A few days before the opening ceremony of the 2016 Arctic Winter Games (AWG) in Nuuk, Greenland, weather reports looked bleak. A spring blizzard was on its way and expected to peak the day prior to the opening ceremony. That very Saturday, 1250 participants were set to fly to Greenland’s capital city – the highest number of civilians arriving in one day by aircraft in the island’s history. Now, however, bad weather was jeopardizing this milestone in Greenlandic aviation history and, along with that, the successful execution of the upcoming games.
Set against the backdrop of the blizzard, the planning and execution of the AWG 2016 – the biggest event of its kind in Greenland – exhibits what constitutes some of the necessary Arctic competences to maneuver in such unpredictable terrain. As an immediate response to the logistical emergency, a backup plan was set into effect, changing the traffic program and rescheduling the opening ceremony in order to ensure the smooth execution of the event. AirGreenland, the Arctic Commando of the Danish defense force, volunteers, and many other actors were brought in to respond to the situation, offering an interesting if nerve-wracking beginning to this year’s games.
The dramatic events preceding the AWG aptly display the challenges of operating in an Arctic environment, where planning may fall victim to the weather. Spinning this to their advantage, the organizers explained that the blizzard had provided them with an occasion to, in the words of general manager Maliina Abelsen, “do what we do best.” She continued by pointing out that “When weather conditions challenge us, we find solutions and solve it together.” As such, the AWG 2016 offers insights into how large events – and the big expenses which follow – might be used as occasions to demonstrate logistics and collaborative skills. Similarly, they offer the possibility to further engage with upskilling according to the situated needs of an Arctic community.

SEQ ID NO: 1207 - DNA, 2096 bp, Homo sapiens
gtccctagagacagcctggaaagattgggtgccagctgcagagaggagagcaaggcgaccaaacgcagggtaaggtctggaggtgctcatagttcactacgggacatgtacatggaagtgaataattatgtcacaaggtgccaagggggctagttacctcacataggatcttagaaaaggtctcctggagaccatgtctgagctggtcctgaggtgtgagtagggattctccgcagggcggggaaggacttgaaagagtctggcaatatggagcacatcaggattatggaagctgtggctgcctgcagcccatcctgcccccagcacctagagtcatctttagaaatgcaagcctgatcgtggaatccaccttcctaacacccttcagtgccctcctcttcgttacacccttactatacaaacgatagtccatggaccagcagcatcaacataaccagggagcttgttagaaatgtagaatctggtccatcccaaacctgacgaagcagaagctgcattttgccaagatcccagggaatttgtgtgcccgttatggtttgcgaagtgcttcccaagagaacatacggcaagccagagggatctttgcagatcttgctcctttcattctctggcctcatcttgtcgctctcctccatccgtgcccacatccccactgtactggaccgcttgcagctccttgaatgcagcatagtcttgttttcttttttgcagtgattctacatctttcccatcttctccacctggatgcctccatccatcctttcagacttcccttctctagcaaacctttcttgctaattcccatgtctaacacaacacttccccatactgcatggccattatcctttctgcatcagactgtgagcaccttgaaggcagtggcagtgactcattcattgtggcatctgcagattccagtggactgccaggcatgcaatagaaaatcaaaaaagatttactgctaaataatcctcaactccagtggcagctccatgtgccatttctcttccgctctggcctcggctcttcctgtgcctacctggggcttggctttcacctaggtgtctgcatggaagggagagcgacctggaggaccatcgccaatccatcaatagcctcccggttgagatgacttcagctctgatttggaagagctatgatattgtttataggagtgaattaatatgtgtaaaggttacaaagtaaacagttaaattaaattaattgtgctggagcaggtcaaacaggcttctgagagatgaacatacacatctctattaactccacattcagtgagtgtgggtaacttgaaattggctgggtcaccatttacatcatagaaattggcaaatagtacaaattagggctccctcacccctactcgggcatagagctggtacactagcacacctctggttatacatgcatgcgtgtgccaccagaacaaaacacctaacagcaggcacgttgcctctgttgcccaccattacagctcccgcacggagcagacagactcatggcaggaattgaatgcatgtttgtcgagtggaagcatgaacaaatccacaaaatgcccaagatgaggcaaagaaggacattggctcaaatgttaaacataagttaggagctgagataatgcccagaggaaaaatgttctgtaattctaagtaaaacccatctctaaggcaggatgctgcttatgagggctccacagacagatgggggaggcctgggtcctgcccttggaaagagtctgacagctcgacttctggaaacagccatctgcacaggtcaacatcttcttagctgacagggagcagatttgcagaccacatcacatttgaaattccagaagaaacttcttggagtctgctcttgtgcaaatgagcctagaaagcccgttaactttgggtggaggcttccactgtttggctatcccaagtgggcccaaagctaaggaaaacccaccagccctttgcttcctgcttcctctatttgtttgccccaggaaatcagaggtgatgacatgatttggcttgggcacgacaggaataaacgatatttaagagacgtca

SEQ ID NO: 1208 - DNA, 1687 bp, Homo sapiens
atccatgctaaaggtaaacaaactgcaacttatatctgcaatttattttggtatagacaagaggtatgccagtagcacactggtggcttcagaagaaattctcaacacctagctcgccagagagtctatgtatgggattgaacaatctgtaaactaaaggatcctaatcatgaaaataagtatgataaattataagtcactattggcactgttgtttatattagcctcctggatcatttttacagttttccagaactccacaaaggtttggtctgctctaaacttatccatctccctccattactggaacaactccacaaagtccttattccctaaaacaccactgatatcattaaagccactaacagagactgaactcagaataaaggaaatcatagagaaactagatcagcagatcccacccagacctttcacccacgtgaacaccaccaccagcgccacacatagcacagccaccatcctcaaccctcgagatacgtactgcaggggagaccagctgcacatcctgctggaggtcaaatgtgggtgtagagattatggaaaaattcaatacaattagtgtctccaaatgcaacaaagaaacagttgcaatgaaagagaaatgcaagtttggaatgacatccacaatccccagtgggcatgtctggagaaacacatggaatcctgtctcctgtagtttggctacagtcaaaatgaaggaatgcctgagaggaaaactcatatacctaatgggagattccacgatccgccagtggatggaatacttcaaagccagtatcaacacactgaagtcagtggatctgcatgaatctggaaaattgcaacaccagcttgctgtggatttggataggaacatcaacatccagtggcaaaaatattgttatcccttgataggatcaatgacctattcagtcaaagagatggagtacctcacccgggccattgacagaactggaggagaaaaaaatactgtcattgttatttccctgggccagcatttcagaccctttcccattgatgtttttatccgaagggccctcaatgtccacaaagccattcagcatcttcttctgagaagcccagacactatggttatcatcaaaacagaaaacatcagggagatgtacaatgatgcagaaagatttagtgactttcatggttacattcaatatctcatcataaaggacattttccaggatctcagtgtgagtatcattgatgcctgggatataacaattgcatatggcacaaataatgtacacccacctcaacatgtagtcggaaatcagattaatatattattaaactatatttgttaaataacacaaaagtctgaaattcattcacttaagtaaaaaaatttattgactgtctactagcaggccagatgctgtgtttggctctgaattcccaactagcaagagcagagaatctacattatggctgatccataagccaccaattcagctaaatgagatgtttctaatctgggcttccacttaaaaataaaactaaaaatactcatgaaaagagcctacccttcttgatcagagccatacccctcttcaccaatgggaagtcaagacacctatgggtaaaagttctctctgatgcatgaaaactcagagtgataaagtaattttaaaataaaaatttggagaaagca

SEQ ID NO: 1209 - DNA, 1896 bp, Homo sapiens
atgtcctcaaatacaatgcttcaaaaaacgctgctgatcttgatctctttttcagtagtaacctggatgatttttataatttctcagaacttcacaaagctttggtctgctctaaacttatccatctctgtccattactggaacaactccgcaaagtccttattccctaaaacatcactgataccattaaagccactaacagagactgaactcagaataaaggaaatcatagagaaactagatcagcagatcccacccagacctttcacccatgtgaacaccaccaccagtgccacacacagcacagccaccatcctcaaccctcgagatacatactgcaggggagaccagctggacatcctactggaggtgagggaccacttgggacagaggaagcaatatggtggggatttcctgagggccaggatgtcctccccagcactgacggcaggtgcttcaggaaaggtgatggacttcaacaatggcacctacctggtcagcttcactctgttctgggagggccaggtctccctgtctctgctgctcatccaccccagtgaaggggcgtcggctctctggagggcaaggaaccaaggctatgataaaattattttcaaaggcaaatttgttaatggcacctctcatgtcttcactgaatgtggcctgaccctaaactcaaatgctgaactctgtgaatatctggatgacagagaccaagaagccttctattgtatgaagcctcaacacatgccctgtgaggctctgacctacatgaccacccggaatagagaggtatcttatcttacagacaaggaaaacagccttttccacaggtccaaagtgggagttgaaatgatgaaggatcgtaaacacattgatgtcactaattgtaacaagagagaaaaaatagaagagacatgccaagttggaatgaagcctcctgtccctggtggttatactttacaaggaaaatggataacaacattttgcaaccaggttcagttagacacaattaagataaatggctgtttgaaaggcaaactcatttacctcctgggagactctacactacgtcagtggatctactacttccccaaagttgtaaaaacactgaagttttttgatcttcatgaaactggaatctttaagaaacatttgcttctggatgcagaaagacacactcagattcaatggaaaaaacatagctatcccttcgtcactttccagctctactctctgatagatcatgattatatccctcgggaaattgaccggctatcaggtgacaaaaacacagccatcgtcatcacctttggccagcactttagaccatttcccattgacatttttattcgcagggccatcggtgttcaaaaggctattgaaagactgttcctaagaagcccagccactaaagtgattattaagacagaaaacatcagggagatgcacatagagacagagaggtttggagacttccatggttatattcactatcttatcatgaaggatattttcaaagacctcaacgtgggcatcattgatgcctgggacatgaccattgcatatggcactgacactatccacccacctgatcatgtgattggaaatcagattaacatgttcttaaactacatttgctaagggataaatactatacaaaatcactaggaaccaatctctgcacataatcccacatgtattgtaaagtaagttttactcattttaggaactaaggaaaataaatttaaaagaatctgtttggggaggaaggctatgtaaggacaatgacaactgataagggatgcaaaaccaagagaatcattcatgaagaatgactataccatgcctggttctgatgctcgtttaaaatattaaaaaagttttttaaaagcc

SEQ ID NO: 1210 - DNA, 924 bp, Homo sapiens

The AWG concept
Since its inauguration in Yellowknife, Northwest Territories in 1970, the Arctic Winter Games has been a culture and value-sustaining event. Its purpose is to strengthen intercultural exchange and pan-Arctic identity-building through sports characteristic to the region and its Indigenous populations. Since then, the biennial games have been hosted by a number of Arctic and Northern communities. This year’s games mark their 24th anniversary at which over 2200 athletes will be welcomed from nine Arctic ‘contingents.’
The games contain globally popular sports such as basketball, hockey, and alpine skiing, but also traditional, signature Inuit and Dene disciplines unique to the region. They include, among others, high kick, head pull, snowshoe biathlon, pole push, and finger pull. In addition, a comprehensive cultural program allows different contingents to showcase both traditional and modern Indigenous artwork, drama, and music.
Thus, the games are about more than simply sports and competition. The AWG logo reflects the three key purposes: sports, social exchange, and cultural celebration. The original values survive in the current AWG constitution and are reflected in the 2016 Games Guide. Here, the purposes of the games are described as pan-Arctic community-building and learning about and from each other’s cultural similarities and differences.1)AWG (2016). Games guide, 5, Nuuk, Greenland, can be accessed through www.awg2016.org
Upskilling through AWG
In an article in the Arctic Journal earlier this year, Asii Chemnitz Narup, the mayor of this year’s hosting municipality of Sermersooq, described how to her “the Arctic Winter Games are a strong and powerful statement of the strength and vitality of the Arctic nations and people. It carries with pride the weight of our history, our way of life, our cultures, our values, and yet in a 21st century set-up”.2)Narup, Asii Chemnitz (2016) The waiting is the hardest part. The Arctic Journal, 26 January 2016. The Arctic Journal went offline in June 2017.